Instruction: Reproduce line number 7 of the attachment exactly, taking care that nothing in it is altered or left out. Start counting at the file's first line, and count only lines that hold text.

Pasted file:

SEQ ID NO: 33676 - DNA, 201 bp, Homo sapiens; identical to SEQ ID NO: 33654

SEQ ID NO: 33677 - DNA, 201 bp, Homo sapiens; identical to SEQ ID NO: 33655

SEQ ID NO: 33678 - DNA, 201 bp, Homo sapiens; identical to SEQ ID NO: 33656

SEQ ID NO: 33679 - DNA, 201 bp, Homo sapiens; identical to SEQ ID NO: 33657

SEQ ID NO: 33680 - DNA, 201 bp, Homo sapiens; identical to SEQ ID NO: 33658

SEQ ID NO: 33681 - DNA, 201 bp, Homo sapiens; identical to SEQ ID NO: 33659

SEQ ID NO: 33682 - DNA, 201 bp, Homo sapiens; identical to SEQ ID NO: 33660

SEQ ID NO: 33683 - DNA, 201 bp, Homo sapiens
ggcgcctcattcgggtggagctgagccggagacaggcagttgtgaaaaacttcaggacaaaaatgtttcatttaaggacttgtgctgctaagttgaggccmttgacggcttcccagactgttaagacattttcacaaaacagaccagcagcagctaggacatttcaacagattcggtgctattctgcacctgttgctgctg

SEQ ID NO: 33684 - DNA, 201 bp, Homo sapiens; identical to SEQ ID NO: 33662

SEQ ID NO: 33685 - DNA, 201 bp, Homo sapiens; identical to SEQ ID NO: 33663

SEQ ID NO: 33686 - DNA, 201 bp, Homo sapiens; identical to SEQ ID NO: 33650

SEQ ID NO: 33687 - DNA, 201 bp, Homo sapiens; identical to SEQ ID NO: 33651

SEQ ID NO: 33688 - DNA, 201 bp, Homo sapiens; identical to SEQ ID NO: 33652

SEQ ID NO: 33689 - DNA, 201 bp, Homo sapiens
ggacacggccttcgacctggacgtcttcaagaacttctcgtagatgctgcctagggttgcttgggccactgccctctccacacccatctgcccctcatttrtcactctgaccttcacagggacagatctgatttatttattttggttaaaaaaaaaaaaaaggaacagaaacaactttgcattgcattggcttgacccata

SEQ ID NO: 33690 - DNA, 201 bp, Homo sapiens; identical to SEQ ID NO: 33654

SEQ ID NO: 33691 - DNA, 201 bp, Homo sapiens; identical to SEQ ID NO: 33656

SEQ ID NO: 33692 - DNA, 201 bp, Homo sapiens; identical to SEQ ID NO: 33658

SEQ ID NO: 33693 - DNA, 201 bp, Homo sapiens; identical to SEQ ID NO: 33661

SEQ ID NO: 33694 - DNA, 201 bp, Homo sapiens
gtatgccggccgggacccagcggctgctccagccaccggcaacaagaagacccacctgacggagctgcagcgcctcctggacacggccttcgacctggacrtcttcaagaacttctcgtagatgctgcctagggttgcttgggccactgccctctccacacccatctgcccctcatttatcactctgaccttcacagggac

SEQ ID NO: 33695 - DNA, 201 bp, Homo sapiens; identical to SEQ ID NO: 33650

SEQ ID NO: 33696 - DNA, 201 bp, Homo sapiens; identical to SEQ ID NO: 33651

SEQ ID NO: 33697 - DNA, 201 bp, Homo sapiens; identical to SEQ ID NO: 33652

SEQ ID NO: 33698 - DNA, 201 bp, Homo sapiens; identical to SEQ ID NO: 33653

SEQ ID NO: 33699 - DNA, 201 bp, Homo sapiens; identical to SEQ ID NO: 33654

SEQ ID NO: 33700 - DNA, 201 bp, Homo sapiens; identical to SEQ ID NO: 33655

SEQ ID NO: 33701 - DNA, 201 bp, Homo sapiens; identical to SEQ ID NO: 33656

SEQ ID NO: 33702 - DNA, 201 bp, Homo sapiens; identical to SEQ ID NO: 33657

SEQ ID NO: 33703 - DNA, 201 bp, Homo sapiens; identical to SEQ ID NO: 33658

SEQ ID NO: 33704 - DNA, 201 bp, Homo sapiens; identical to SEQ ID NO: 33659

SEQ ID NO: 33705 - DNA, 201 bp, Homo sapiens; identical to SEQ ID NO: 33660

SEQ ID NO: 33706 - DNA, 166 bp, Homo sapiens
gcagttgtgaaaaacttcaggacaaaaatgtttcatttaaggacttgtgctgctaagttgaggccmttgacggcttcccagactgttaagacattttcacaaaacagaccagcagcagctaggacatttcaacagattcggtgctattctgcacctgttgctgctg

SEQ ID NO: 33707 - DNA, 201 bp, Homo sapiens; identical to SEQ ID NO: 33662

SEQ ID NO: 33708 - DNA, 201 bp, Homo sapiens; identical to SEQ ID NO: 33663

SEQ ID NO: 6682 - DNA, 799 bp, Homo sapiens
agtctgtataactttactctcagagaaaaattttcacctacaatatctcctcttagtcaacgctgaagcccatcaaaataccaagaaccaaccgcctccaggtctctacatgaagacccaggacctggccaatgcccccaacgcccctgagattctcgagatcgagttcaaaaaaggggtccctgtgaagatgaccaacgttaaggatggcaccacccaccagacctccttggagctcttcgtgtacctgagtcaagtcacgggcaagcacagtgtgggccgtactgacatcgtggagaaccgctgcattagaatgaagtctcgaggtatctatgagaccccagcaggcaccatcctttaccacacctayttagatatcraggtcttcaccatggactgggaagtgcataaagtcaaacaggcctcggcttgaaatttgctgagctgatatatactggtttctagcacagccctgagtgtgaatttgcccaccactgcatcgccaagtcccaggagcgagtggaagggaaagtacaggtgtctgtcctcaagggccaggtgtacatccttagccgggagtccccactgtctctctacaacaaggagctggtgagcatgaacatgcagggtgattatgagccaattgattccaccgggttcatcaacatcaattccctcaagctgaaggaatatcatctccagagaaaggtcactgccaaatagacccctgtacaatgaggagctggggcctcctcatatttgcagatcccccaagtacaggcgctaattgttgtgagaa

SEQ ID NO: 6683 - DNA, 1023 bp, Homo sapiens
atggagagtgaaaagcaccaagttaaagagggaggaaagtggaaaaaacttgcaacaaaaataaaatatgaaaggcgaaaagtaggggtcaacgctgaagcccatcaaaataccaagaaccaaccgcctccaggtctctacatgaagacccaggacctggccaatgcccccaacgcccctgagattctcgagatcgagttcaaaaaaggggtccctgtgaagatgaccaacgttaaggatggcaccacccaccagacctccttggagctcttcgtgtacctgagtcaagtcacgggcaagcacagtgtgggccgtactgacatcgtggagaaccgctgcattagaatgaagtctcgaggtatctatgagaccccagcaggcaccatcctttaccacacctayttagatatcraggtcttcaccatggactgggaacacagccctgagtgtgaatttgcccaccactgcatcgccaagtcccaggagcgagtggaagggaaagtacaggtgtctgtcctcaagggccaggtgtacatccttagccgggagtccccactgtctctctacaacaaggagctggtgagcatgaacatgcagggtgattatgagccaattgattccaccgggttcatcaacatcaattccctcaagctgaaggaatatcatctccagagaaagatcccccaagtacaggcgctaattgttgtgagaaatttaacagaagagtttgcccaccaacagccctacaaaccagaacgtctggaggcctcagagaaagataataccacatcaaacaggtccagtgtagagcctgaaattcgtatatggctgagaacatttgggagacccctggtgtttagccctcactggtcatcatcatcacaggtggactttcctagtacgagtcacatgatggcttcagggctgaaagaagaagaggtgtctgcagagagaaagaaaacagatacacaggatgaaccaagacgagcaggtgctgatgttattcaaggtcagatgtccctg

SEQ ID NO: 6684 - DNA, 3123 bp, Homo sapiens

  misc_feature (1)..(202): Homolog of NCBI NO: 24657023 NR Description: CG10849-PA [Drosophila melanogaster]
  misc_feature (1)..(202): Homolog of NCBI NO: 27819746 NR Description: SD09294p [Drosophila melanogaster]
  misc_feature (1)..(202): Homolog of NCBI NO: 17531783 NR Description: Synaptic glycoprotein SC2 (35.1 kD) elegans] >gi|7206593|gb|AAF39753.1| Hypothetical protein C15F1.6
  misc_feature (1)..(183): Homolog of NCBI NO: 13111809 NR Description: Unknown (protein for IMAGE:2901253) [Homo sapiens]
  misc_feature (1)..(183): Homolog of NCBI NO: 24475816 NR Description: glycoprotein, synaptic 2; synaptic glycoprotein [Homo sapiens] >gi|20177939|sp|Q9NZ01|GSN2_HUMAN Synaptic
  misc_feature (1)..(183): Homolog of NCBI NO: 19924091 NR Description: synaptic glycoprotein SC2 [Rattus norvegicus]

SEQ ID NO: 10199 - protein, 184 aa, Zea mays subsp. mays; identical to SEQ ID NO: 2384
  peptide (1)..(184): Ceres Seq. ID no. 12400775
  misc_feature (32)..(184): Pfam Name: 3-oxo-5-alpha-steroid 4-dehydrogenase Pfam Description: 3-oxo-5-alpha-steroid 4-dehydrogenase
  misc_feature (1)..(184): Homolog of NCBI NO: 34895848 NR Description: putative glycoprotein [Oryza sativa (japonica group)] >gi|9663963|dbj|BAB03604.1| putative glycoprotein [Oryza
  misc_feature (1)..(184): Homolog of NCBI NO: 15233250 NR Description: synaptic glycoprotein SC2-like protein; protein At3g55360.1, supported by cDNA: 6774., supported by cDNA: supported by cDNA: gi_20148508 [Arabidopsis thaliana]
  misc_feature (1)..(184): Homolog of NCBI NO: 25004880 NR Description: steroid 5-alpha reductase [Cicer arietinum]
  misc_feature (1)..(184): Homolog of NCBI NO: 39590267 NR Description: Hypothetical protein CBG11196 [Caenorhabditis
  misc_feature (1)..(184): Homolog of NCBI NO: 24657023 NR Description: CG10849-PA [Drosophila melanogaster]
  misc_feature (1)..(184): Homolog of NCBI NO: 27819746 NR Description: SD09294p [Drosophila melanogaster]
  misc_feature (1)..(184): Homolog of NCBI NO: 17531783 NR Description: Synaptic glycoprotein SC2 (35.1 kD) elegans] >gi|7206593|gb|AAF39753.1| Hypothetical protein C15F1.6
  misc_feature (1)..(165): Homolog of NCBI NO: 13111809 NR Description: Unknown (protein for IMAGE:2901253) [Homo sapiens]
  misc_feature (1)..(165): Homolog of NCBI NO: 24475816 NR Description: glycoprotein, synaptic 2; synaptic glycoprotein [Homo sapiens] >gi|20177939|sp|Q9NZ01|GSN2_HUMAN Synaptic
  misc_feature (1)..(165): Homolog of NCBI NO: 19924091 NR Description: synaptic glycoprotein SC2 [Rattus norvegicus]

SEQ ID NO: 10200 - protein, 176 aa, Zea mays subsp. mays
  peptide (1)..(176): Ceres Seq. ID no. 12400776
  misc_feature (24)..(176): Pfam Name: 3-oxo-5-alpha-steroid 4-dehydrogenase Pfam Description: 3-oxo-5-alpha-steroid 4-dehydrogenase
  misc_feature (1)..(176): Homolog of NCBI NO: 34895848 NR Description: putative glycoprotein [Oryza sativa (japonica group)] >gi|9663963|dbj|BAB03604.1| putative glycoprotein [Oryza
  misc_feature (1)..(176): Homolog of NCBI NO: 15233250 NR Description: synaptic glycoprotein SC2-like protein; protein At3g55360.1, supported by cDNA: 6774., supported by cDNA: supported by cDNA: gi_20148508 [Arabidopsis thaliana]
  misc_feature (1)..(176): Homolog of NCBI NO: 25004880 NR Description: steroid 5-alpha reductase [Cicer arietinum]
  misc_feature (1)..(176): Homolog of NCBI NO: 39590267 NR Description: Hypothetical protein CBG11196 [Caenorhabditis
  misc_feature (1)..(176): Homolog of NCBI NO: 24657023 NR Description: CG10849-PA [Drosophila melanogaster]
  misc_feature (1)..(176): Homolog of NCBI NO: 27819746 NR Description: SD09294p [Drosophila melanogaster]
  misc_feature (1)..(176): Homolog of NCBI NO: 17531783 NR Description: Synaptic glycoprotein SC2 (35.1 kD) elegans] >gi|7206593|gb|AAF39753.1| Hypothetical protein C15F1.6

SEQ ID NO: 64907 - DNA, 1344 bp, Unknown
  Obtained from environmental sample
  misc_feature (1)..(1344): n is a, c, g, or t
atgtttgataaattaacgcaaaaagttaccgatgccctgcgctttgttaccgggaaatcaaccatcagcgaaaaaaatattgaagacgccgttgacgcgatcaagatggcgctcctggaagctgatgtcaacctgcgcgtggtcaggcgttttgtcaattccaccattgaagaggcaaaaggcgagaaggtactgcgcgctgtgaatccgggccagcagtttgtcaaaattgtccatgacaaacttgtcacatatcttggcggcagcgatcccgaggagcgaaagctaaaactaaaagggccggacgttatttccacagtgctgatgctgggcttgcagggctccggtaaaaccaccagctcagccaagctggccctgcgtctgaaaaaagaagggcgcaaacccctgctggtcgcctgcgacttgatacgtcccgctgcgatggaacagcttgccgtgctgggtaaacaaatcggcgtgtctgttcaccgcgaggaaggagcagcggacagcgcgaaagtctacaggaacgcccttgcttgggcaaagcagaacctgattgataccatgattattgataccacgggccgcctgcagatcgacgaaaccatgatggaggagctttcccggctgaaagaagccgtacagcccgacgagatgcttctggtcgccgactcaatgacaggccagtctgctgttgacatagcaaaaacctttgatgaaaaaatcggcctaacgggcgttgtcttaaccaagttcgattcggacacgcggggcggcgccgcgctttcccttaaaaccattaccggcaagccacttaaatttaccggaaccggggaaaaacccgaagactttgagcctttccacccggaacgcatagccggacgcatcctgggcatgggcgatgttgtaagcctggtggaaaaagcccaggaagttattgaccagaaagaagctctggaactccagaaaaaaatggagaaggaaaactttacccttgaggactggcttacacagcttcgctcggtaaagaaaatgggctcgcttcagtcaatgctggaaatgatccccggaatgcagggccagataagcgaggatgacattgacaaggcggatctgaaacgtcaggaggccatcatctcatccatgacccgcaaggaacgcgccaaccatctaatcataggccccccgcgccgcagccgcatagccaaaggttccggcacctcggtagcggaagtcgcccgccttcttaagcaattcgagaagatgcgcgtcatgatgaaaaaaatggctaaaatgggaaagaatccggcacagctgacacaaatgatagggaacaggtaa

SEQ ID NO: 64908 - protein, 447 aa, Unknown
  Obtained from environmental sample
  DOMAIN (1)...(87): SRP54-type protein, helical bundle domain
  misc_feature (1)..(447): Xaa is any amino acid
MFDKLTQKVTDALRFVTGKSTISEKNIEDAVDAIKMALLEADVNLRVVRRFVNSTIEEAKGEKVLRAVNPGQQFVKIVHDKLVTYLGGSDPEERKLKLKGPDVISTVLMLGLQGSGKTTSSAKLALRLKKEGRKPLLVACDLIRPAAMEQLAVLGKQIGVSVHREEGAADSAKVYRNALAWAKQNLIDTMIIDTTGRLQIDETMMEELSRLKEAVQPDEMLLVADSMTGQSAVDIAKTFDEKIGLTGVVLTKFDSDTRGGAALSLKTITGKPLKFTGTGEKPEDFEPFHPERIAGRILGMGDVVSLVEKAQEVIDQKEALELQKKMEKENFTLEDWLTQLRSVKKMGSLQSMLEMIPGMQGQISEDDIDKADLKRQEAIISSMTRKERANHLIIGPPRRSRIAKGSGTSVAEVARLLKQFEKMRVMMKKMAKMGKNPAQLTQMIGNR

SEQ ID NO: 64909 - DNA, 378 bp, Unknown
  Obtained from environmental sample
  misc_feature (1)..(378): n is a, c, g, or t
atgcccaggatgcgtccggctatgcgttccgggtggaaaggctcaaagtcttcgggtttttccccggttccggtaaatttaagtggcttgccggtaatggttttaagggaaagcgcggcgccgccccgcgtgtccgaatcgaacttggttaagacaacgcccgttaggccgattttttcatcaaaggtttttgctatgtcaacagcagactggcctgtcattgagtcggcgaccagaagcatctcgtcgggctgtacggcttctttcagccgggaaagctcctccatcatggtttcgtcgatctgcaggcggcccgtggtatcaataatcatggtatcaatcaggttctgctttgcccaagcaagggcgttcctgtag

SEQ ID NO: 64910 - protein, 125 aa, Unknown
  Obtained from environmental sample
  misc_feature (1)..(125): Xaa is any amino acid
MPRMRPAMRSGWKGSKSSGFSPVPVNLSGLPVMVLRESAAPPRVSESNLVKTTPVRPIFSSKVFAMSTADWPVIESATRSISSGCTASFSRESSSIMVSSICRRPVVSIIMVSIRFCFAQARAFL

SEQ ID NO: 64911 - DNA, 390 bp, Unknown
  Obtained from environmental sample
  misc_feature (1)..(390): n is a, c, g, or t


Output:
SEQ ID NO: 33682 - DNA, 201 bp, Homo sapiens; identical to SEQ ID NO: 33660